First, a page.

Peach Cobbler Recipe

Peach Cobbler

This peach cobbler was originally intended to be a nectarine cobbler with blueberries.

But when I got to the supermarket to gather my ingredients, the peaches were overflowing in the baskets and the entire produce section smelled like peaches!

I quickly changed my mind for a Peach Blackberry Cobbler!

Now that right there is the beauty of a fruit cobbler recipe.

You can pretty much use whatever fruit is in season with very minor changes to the base recipe.

The fruit base recipe is nothing more than a thickener with a bit of sugar which is optional depending on how ripe and sweet your fruit is, and let’s face it, if your fruit is not ripe and sweet, then why are you using it?

Fruit Cobblers capture the very essence of summer.

They are so rustic and simple to make and without a doubt delicious!

So be creative, get those “juices flowing” (pun intended- LOL) and come up with some amazing fruit combinations of your own!

Throw in some spices and a little bit of sugar, a lemon zest to brighten it all up and your choice of thickener (cornstarch, flour or be fearless and add some chia seeds!)

Let me know what you decide and then please post it with the rest of the group at Gretchen’s Bakery facebook page!

Peach Cobbler Recipe
Peaches should have their skins removed for this recipe, so follow along in the video tutorial for prepping the peaches before you begin.
Once you start to prepare the fruit base and cobbler topping, begin preheating your oven to 350°f (177°c)
Serves: 4 - 6 servings
  • Fresh Peaches 2 lbs (approximately 12 small peaches) (this is the weight before skinning and pitting)
  • Blackberries 1½ cup
  • Granulated Sugar 2 Tablespoons (28g)
  • Cornstarch 1 Tablespoons + 2 teaspoons (28g)
  • Cinnamon ½ teaspoon (1.5g)
  • Nutmeg ¼ teaspoon
  • Bread Flour 1½ cups (195g)
  • Granulated Sugar 2 Tablespoons (28g)
  • Salt ¼ teaspoon
  • Baking Powder 1 Tablespoon (14g)
  • Unsalted Butter COLD 2 Tablespoons (28g)
  • Cream (heavy or light cream is fine) 1 cup (237ml)
  • Lemon Zest 1 medium lemon
First prepare the Fruit Base
  1. Prep the peaches as per the video instructions for peeling and pitting peaches
  2. In a large mixing bowl combine all of the fruit filling ingredients together as listed above and then add the fruits, toss to distribute well
  3. Transfer fruit to 9" pie dish
Next prepare the Cobbler Topping Recipe
  1. Combine the dry ingredients together in a large mixing bowl.
  2. With a cheese grater, grate in the very cold butter.
  3. Work the butter through the flour mixture with your hands until it is all distributed evenly and no large chunks of butter are visible.
  4. Add the cream all at once and delicately work it through to absorb the flour, be careful not to over mix - you want the dough to be very light and wet, not tough and dry.
  5. Drop the cobbler topping in heaps over the fruit mixture in the pie dish.
  6. Sprinkle with cinnamon sugar (*optional)
  7. Bake in preheated 350°f oven for approximately 45 minutes or until the juices are bubbling around the edge and the cobbler topping is no longer raw and doughy.
Cobblers can stay at room temperature for up to 2 days covered tightly

They are best served warm so, reheat it before serving

Longer storage in the refrigerator for up to 1 week

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    1. Bread flour absorbs more liquid than the other flours. If you only have AP thats OK…but go a few tablespoons less (or adjust as neeeded) with the heavy cream so you dont have a really liquid topping, it should be slightly doughy not dripping and falling apart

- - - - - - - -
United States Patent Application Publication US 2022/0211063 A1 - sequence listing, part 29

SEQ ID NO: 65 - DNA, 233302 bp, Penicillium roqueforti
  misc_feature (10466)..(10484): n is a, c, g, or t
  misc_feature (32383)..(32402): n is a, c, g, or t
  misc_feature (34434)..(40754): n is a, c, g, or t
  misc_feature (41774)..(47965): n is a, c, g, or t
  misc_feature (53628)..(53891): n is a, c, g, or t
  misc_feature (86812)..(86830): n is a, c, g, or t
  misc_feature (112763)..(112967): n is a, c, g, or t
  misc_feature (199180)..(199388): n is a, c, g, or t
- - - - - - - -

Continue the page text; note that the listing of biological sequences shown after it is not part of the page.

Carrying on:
1. Hiya Gretchen. I have read “What is cake” and understand that but what is “Cobbler” I mean I understand the fruity goodness but is there a good explanation of what cobbler is or where it’s from? Thanks in advance, Hope it’s not a dumb questions…:-(

    1. Hi Steve, not a dumb question at all! I hope I can answer though! LOL
      AS you can see the topping for this fruity delight, that is what represents the “cobbler” I believe it was named (and I could be wrong) for streets that were made from cobbled stones, sort of rocky and misshapen, like the top of this dessert!
      But basically it is similar to a biscuit, the flaky and soft texture like a baking powder biscuit- I hope you try it, sometimes TASTING is the best way to understand! LOL

      1. Awesome answer. Thank you very much. I have made this recipe many times now. I make several and give them to neighbors as holiday gifts thanks again for all your hard work love your site and your recipes.

  2. Just made this today….stopped at a local roadside farm market and they had peaches in a bucket for .99cents!! Made your recipe and the cobbler was delicious!! Loved the topping!! I happened to have all the ingredients on hand for the recipe . Tonight’s dessert!(if it lasts til tonight!) Family will be pleasantly surprised !! I just may go back for some more peaches!!! (there goes my diet!) As always, thanks for sharing this wonderful recipe!!!

  3. Hi der,
    Made dis yesterday. With peach n apple ( I know not a gud combo) just took whatever was handy since wanted to try dis one since u posted. It does taste gud.never had before yesterday since didn’t know dat Smthng like dis exist. Didn’t have icecream so did eat Wid whipped cream topping.
    Thanks for d recipes again 🙂

  4. Hi Gretchen! I’m planning on making a peach and blueberry cobbler tomorrow for a friend. I’m not very good at time management so I was wondering if I could prepare the fruit filling ahead of time and just keep it in the refrigerator until tomorrow. Would it make the fruit too soft cause them to bake before the topping?

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